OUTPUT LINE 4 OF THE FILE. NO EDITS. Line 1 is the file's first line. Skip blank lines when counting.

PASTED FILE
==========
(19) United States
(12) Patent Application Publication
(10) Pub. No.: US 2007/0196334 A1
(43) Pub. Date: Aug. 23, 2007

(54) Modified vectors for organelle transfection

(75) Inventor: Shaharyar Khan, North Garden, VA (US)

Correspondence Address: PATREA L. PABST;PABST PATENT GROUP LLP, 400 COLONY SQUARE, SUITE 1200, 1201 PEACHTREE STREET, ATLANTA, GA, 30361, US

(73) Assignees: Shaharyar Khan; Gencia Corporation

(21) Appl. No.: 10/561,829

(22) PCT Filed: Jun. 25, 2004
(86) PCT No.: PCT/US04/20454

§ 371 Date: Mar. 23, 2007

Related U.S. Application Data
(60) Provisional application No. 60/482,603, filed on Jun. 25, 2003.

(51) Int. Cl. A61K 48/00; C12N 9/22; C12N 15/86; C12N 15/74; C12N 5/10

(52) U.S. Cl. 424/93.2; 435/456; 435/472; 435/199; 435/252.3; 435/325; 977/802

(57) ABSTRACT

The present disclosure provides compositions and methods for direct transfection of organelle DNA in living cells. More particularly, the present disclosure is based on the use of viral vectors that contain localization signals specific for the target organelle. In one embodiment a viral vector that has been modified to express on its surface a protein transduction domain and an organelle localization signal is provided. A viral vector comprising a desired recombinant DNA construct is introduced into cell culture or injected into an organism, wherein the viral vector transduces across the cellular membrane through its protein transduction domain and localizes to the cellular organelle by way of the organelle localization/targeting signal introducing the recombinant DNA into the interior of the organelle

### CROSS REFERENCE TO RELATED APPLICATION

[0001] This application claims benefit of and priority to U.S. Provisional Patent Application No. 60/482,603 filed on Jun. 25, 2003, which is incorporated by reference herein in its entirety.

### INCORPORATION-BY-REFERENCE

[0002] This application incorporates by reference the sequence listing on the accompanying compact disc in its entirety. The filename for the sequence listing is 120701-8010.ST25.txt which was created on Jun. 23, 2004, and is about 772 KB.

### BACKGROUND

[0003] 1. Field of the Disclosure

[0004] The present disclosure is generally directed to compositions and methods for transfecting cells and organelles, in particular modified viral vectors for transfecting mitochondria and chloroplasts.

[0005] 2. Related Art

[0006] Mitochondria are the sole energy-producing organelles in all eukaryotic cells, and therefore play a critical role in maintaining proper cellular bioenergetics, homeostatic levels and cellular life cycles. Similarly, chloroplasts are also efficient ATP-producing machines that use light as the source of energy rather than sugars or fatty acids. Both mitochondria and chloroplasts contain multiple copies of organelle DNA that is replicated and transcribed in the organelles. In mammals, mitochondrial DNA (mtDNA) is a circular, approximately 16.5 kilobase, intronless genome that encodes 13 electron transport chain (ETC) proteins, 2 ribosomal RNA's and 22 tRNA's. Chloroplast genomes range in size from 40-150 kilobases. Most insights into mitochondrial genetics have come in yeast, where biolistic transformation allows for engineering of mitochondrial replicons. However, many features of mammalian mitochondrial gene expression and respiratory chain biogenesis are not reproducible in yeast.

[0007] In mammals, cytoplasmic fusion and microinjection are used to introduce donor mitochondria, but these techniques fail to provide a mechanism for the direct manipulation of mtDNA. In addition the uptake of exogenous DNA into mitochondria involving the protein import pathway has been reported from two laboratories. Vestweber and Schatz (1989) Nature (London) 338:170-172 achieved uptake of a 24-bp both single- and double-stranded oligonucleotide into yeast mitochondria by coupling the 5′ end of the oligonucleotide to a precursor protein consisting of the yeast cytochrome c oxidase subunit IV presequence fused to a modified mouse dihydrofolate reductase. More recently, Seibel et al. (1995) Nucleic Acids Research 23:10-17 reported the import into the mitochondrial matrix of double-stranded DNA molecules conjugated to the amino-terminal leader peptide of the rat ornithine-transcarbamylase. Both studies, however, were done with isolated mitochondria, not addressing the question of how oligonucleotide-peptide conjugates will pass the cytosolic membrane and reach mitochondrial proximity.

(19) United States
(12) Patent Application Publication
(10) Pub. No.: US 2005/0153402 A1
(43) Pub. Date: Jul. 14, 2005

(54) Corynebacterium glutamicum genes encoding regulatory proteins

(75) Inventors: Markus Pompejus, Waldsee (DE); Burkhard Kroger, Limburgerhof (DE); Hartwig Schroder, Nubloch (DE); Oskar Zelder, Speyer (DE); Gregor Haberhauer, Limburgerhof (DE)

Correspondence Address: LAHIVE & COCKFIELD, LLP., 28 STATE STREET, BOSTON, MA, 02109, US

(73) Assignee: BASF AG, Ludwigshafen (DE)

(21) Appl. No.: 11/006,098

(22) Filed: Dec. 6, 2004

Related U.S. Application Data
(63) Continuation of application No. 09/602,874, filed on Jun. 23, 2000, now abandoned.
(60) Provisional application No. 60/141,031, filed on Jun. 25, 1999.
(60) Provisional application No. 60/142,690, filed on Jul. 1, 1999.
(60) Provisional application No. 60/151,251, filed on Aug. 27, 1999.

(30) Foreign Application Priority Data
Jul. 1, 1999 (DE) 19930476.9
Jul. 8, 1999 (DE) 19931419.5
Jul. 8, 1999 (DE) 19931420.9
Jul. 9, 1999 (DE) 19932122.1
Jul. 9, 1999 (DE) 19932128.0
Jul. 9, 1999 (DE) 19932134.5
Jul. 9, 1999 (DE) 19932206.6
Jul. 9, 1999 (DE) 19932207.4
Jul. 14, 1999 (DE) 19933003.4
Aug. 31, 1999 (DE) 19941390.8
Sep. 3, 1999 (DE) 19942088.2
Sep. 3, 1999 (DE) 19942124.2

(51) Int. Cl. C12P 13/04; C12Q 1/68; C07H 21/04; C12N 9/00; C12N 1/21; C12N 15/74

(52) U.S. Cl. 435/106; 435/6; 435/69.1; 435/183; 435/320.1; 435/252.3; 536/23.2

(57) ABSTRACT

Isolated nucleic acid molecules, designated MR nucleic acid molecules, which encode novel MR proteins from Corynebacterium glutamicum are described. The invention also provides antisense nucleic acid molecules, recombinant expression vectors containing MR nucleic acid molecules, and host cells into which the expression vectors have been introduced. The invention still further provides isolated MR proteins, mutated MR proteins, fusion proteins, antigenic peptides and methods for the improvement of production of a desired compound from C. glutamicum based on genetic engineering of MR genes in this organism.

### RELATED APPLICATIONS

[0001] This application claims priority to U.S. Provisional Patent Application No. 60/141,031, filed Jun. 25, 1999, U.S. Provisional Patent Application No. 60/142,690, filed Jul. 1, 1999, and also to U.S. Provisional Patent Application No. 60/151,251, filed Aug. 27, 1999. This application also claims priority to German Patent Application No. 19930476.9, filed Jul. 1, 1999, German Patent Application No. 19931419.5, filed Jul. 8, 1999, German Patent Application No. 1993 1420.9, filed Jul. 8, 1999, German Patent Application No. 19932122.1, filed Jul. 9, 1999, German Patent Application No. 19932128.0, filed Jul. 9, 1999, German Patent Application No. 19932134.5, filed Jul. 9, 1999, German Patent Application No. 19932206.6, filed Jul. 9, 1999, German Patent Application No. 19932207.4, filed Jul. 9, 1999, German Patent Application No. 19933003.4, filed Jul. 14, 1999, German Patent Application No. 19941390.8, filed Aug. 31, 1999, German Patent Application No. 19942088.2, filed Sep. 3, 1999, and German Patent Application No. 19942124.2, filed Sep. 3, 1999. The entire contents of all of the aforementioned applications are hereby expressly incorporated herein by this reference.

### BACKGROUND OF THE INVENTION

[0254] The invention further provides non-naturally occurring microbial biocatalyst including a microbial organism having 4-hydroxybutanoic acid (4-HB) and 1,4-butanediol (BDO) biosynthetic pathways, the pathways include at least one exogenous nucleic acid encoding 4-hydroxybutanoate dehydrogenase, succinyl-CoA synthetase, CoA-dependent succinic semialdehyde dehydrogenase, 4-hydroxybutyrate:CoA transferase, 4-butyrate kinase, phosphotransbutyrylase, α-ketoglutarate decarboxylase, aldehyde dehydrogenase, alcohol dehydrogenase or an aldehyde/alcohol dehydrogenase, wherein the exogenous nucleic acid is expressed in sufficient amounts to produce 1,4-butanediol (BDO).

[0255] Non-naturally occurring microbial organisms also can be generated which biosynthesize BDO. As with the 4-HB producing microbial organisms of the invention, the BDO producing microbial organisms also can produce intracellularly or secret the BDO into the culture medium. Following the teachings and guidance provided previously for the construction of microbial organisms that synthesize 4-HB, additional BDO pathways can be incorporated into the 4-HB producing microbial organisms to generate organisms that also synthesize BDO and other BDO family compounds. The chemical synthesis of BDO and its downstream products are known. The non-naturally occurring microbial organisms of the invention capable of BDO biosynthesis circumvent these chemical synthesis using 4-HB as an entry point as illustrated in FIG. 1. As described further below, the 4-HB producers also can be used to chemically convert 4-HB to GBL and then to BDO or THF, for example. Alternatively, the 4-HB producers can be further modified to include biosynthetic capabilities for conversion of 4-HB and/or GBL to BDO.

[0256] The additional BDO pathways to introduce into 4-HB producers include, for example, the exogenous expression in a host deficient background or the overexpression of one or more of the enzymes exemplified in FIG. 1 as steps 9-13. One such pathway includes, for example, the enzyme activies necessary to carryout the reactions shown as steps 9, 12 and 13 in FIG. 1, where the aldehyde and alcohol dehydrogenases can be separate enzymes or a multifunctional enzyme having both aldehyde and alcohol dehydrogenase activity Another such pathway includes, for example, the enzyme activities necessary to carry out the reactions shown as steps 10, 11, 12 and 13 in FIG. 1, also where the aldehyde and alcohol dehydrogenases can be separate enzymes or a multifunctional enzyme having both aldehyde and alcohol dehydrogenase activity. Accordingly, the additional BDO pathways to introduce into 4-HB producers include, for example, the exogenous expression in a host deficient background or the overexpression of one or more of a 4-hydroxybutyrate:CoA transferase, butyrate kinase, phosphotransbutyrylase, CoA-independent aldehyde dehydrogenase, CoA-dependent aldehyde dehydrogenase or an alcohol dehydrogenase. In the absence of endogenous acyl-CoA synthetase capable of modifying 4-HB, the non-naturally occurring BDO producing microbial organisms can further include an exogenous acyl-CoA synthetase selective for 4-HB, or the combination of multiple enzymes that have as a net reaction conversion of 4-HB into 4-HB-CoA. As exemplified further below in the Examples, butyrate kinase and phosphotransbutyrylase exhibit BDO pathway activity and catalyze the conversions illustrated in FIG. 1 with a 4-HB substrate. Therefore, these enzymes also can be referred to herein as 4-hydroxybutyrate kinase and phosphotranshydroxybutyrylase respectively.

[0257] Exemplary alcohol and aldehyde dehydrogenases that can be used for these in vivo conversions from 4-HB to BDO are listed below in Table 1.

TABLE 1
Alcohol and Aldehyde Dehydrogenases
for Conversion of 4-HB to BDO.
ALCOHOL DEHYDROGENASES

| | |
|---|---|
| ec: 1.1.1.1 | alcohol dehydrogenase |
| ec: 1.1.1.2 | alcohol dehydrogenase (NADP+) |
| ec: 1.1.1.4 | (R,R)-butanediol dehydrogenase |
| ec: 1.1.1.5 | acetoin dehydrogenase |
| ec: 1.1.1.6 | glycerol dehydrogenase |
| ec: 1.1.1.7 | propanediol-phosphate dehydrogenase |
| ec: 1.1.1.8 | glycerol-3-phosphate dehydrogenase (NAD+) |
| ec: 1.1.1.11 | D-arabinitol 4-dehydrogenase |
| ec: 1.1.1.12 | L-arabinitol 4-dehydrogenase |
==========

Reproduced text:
(43) Pub. Date: Aug. 23, 2007